I WAS sent to a private school on York Street, Monday, 4 October 1868; I was three years old; I am not sure whether it was then called a kindergarten; I have no recollection of hearing that word until many years later. The teacher, a Miss Morse, was kind. My father used to come for me at the end of the morning session. Once, as we walked home through a tremendous snowstorm, I was curiously interested in the spectacle of two men on the sidewalk, who were so drunk that they kept falling down. It seemed to me they were doing it for our entertainment, and I thought it was rather nice of them.
From the age of three to the age of five I attended Miss Morse's private school. When I was five I entered the regular public district Grammar School, called after the famous lexicographer, Webster School. I was the youngest and smallest boy in the establishment, and was in daily fear of the Irish lads, whom we called Micks. The boys and girls in this school represented every layer of society in New Haven; for on Crown Street dwelt many families of considerable affluence, while Oak Street and Morocco Street belonged to the slums.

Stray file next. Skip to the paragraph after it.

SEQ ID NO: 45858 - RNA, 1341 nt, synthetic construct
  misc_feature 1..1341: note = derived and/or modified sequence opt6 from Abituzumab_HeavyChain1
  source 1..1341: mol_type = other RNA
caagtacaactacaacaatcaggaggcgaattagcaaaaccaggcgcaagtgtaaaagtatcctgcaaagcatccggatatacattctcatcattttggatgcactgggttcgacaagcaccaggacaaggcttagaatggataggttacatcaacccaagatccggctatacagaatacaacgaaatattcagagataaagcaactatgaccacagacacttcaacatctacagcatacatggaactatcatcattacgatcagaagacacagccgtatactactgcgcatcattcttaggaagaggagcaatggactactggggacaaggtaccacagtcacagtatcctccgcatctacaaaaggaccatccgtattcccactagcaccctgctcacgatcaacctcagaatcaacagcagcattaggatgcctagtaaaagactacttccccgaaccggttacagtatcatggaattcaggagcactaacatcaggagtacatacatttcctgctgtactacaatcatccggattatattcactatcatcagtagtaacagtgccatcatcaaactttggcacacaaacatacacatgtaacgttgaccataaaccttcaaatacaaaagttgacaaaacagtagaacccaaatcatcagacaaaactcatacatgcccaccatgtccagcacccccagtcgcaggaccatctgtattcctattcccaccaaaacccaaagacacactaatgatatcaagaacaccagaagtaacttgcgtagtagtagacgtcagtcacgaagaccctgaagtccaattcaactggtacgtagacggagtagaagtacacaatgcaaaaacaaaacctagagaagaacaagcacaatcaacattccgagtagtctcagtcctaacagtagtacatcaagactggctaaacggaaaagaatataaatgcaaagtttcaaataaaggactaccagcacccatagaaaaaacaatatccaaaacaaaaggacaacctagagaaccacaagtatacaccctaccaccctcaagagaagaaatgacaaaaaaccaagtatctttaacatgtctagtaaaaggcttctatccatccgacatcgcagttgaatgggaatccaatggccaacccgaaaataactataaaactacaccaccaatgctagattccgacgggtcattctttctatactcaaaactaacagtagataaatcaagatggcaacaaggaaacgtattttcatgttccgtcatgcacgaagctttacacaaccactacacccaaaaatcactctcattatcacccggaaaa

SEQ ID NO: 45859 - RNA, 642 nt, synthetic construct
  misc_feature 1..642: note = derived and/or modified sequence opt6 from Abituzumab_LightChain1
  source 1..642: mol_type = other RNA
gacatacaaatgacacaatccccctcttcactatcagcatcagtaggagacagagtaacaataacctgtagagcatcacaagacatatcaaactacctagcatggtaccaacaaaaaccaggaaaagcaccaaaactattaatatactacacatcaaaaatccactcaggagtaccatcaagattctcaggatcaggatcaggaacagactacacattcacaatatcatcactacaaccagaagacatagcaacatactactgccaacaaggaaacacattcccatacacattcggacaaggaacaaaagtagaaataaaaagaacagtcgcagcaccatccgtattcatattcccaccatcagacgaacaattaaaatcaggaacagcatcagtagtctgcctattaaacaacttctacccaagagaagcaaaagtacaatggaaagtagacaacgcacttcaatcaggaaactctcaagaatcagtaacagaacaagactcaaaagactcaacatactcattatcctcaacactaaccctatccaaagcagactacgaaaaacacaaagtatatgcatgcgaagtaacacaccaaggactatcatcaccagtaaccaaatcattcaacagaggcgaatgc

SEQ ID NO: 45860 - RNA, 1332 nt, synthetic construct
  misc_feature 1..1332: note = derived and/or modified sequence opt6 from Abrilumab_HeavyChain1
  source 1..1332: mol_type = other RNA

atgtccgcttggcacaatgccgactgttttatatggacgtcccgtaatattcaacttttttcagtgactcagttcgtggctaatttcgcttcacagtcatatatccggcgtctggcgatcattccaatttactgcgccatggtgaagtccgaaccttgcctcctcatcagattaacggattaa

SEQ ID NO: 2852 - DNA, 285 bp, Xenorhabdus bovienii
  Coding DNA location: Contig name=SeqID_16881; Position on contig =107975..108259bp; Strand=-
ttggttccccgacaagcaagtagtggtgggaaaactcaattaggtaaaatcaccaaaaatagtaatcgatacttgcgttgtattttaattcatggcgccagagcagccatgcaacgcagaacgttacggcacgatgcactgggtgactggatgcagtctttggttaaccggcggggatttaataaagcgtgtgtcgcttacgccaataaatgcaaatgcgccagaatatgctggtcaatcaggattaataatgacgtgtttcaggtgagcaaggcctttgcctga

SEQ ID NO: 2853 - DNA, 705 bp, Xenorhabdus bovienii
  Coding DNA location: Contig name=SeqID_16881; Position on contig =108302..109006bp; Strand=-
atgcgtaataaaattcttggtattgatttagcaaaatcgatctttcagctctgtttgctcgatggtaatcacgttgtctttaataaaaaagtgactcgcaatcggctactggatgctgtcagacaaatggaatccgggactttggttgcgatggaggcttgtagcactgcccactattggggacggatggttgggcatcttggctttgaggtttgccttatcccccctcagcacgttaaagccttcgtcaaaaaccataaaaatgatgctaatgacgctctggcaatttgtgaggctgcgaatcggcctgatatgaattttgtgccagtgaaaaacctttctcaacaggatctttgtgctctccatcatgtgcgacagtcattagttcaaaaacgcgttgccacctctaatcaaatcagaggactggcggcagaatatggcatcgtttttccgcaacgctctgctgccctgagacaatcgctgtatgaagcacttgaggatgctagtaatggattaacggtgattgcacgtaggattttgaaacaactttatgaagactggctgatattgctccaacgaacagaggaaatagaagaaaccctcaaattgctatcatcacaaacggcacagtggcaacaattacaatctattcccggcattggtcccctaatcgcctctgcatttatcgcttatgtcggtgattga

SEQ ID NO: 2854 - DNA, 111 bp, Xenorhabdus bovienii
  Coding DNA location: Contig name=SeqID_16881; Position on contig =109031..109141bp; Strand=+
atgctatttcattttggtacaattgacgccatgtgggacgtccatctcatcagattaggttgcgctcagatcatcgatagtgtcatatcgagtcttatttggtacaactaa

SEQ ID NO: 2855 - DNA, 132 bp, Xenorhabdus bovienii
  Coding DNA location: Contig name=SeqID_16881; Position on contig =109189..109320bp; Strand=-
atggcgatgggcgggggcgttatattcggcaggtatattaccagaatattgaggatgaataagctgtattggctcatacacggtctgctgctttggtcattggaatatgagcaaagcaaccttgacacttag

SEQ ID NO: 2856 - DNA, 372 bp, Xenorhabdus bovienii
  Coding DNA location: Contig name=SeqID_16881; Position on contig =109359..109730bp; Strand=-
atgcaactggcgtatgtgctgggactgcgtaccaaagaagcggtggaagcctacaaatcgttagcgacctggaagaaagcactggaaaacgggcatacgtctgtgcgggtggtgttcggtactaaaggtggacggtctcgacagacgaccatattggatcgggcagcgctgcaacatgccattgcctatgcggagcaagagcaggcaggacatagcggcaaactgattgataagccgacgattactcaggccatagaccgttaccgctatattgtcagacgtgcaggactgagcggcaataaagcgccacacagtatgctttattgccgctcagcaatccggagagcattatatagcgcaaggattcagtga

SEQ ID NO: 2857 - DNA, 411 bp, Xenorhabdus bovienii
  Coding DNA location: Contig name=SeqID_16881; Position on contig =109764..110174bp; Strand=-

The small boy is naturally a dirty little animal; I can say truthfully that although I have frequently been disgusted, I have never been shocked since I was nine years old. Dostoevski says the average schoolboy uses language that would make a drunken sailor blush, which describes accurately the daily talk I heard during recess and after hours in